> 3.6.08 - Ned Colletti
"What are the odds of having two third basemen go down in 15 minutes," asked Ned Colletti after the Dodgers lost Andy LaRoche and Nomar Garciaparra on Friday. Well I'm not a mathmetician, Ned, but I'm pretty sure the odds are the same as any two guys going down in 15 minutes. LaRoche and Nomar. Kemp and Ethier. Loney and your mom. Same odds.
Which led to this exchange:
SoSG Orel: a-hole of the moment--is this right?
SoSG Sax: is what right, i don't get it
SoSG Orel: Are the odds of having two 3B go down in 15 minutes the same as the odds of two players at any position going down? I don't think so.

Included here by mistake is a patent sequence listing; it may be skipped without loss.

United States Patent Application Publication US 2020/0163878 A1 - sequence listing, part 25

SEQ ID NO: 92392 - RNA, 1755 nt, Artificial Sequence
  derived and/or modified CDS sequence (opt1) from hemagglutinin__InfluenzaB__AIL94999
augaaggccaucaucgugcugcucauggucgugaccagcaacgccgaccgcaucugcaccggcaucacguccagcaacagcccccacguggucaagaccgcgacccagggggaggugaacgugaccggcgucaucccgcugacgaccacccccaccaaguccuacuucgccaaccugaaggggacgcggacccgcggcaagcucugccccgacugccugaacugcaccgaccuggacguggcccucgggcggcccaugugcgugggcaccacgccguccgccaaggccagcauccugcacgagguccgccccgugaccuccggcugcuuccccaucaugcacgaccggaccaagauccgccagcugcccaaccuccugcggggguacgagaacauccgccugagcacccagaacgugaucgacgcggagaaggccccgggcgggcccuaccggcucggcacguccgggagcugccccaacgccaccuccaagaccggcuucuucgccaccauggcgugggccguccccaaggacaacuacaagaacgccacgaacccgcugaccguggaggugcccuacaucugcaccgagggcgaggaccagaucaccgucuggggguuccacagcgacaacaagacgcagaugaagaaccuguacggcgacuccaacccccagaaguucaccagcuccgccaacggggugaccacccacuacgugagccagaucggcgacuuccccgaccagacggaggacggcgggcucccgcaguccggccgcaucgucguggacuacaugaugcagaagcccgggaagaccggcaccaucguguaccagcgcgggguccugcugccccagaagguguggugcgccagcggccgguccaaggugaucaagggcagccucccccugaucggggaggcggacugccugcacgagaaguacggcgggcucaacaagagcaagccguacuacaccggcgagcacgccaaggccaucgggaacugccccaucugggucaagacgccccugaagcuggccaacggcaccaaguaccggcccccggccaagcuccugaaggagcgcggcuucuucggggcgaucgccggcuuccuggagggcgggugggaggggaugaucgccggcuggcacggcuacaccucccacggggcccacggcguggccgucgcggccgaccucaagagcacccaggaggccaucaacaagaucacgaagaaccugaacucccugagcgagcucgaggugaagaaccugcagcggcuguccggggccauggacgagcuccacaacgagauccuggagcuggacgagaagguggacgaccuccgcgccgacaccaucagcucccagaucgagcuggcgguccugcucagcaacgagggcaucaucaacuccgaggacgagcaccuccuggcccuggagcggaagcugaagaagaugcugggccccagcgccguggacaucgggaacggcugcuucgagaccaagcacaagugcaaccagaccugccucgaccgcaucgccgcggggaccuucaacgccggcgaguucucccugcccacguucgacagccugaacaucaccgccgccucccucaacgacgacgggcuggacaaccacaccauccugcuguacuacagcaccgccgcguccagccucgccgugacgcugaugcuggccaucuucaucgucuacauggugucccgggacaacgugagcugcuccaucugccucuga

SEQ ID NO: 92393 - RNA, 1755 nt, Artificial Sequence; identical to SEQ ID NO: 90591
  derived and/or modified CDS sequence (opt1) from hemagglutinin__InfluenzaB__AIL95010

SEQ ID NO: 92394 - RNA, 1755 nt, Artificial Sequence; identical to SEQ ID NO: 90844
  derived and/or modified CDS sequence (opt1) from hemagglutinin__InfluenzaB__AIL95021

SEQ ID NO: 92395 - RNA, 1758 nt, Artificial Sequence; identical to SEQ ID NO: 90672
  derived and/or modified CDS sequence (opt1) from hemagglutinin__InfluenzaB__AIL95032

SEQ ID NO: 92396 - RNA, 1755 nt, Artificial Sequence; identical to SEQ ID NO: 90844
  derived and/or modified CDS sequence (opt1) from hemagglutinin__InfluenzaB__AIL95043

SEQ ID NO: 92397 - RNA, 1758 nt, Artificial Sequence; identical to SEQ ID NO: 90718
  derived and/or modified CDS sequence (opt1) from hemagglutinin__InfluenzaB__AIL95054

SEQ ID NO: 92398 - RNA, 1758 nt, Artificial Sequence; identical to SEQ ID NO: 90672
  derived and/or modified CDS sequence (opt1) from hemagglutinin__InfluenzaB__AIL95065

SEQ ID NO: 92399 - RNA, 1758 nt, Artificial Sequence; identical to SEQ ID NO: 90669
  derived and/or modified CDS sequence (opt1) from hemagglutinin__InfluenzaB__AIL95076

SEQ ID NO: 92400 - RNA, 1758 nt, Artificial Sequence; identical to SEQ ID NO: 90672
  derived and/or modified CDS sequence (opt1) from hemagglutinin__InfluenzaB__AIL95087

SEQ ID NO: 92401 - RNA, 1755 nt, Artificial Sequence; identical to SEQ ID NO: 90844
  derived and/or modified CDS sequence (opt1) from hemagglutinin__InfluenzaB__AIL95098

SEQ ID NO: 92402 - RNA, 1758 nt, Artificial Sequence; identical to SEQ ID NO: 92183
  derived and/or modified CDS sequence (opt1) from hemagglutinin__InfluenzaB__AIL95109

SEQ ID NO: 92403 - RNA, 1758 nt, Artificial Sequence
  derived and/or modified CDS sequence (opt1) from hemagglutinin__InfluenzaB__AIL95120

SoSG Sax: technically he's not right as the two 3bs cannot be playing at the same time (by definition; unless one is subbing at another position for some strange reason). so in theory, a centerfielder and a catcher could go out on the same play, but two 3bs cannot go out on the same play. Right?
SoSG Orel: I was looking at it this way: Let's say you have 40 players at camp. Pick any two at random. Aren't you more likely to pick two non-3B (or one 3B and one non-3B) rather than two 3B? Which was Ned's original point.
SoSG Sax: Well I'm not a mathematician, Orel...
art from Luke Chueh's "Twenty Monkeys with Hats (And One Squid)"